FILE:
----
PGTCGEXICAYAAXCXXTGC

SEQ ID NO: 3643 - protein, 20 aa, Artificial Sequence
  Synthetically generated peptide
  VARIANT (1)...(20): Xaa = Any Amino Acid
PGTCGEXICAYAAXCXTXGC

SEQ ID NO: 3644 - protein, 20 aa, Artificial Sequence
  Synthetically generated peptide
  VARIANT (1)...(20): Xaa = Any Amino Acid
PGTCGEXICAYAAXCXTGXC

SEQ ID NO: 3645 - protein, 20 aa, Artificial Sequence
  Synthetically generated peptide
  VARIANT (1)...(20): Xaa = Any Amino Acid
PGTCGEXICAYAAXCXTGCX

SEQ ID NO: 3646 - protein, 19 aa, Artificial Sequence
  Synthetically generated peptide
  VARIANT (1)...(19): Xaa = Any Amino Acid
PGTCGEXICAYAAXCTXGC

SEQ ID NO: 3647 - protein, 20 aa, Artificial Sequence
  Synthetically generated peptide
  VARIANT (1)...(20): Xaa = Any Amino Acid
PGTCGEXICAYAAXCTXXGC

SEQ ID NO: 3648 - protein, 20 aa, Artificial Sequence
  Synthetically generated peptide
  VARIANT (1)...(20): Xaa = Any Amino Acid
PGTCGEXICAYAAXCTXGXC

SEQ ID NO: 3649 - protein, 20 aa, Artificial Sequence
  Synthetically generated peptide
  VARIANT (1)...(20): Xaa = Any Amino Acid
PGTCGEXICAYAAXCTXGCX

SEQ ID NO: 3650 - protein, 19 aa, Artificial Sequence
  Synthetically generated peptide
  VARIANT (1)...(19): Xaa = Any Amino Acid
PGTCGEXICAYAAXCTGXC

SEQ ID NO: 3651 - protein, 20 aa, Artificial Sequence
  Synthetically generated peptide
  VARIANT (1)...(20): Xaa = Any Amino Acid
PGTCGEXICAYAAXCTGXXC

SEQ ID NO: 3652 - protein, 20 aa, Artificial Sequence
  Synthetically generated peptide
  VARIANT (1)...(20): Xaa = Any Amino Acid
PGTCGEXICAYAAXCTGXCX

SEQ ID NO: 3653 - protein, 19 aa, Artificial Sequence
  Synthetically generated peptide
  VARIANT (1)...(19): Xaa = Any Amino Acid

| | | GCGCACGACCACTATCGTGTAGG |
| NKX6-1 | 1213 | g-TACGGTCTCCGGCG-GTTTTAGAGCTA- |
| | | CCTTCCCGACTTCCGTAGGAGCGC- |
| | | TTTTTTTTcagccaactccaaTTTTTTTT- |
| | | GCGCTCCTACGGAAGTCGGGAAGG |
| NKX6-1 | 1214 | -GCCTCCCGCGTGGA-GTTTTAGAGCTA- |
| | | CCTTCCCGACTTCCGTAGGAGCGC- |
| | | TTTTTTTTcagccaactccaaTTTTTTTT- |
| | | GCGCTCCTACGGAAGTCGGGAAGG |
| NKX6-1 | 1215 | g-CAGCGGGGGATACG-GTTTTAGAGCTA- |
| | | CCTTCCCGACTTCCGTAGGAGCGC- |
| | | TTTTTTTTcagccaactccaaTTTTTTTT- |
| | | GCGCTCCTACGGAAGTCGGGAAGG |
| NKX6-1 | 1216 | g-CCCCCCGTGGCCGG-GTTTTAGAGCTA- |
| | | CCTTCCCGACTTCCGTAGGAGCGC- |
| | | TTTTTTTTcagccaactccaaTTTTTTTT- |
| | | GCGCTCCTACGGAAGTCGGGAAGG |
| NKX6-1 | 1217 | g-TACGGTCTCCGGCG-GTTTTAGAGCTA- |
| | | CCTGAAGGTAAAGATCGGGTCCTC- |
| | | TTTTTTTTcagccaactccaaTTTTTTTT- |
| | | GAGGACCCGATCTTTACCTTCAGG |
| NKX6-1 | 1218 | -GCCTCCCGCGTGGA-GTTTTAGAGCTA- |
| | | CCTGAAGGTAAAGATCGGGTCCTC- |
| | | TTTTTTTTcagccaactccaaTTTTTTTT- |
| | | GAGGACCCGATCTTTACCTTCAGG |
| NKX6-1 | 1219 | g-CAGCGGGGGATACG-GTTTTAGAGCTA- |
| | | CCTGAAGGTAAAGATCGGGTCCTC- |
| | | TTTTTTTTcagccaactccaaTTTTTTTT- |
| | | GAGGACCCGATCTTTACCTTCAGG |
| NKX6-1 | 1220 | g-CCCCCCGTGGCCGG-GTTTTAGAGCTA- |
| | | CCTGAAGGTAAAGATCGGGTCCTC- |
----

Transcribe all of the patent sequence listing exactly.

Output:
PGTCGEXICAYAAXCXXTGC

SEQ ID NO: 3643 - protein, 20 aa, Artificial Sequence
  Synthetically generated peptide
  VARIANT (1)...(20): Xaa = Any Amino Acid
PGTCGEXICAYAAXCXTXGC

SEQ ID NO: 3644 - protein, 20 aa, Artificial Sequence
  Synthetically generated peptide
  VARIANT (1)...(20): Xaa = Any Amino Acid
PGTCGEXICAYAAXCXTGXC

SEQ ID NO: 3645 - protein, 20 aa, Artificial Sequence
  Synthetically generated peptide
  VARIANT (1)...(20): Xaa = Any Amino Acid
PGTCGEXICAYAAXCXTGCX

SEQ ID NO: 3646 - protein, 19 aa, Artificial Sequence
  Synthetically generated peptide
  VARIANT (1)...(19): Xaa = Any Amino Acid
PGTCGEXICAYAAXCTXGC

SEQ ID NO: 3647 - protein, 20 aa, Artificial Sequence
  Synthetically generated peptide
  VARIANT (1)...(20): Xaa = Any Amino Acid
PGTCGEXICAYAAXCTXXGC

SEQ ID NO: 3648 - protein, 20 aa, Artificial Sequence
  Synthetically generated peptide
  VARIANT (1)...(20): Xaa = Any Amino Acid
PGTCGEXICAYAAXCTXGXC

SEQ ID NO: 3649 - protein, 20 aa, Artificial Sequence
  Synthetically generated peptide
  VARIANT (1)...(20): Xaa = Any Amino Acid
PGTCGEXICAYAAXCTXGCX

SEQ ID NO: 3650 - protein, 19 aa, Artificial Sequence
  Synthetically generated peptide
  VARIANT (1)...(19): Xaa = Any Amino Acid
PGTCGEXICAYAAXCTGXC

SEQ ID NO: 3651 - protein, 20 aa, Artificial Sequence
  Synthetically generated peptide
  VARIANT (1)...(20): Xaa = Any Amino Acid
PGTCGEXICAYAAXCTGXXC

SEQ ID NO: 3652 - protein, 20 aa, Artificial Sequence
  Synthetically generated peptide
  VARIANT (1)...(20): Xaa = Any Amino Acid
PGTCGEXICAYAAXCTGXCX

SEQ ID NO: 3653 - protein, 19 aa, Artificial Sequence
  Synthetically generated peptide
  VARIANT (1)...(19): Xaa = Any Amino Acid

| | | GCGCACGACCACTATCGTGTAGG |
| NKX6-1 | 1213 | g-TACGGTCTCCGGCG-GTTTTAGAGCTA- |
| | | CCTTCCCGACTTCCGTAGGAGCGC- |
| | | TTTTTTTTcagccaactccaaTTTTTTTT- |
| | | GCGCTCCTACGGAAGTCGGGAAGG |
| NKX6-1 | 1214 | -GCCTCCCGCGTGGA-GTTTTAGAGCTA- |
| | | CCTTCCCGACTTCCGTAGGAGCGC- |
| | | TTTTTTTTcagccaactccaaTTTTTTTT- |
| | | GCGCTCCTACGGAAGTCGGGAAGG |
| NKX6-1 | 1215 | g-CAGCGGGGGATACG-GTTTTAGAGCTA- |
| | | CCTTCCCGACTTCCGTAGGAGCGC- |
| | | TTTTTTTTcagccaactccaaTTTTTTTT- |
| | | GCGCTCCTACGGAAGTCGGGAAGG |
| NKX6-1 | 1216 | g-CCCCCCGTGGCCGG-GTTTTAGAGCTA- |
| | | CCTTCCCGACTTCCGTAGGAGCGC- |
| | | TTTTTTTTcagccaactccaaTTTTTTTT- |
| | | GCGCTCCTACGGAAGTCGGGAAGG |
| NKX6-1 | 1217 | g-TACGGTCTCCGGCG-GTTTTAGAGCTA- |
| | | CCTGAAGGTAAAGATCGGGTCCTC- |
| | | TTTTTTTTcagccaactccaaTTTTTTTT- |
| | | GAGGACCCGATCTTTACCTTCAGG |
| NKX6-1 | 1218 | -GCCTCCCGCGTGGA-GTTTTAGAGCTA- |
| | | CCTGAAGGTAAAGATCGGGTCCTC- |
| | | TTTTTTTTcagccaactccaaTTTTTTTT- |
| | | GAGGACCCGATCTTTACCTTCAGG |
| NKX6-1 | 1219 | g-CAGCGGGGGATACG-GTTTTAGAGCTA- |
| | | CCTGAAGGTAAAGATCGGGTCCTC- |
| | | TTTTTTTTcagccaactccaaTTTTTTTT- |
| | | GAGGACCCGATCTTTACCTTCAGG |
| NKX6-1 | 1220 | g-CCCCCCGTGGCCGG-GTTTTAGAGCTA- |
| | | CCTGAAGGTAAAGATCGGGTCCTC- |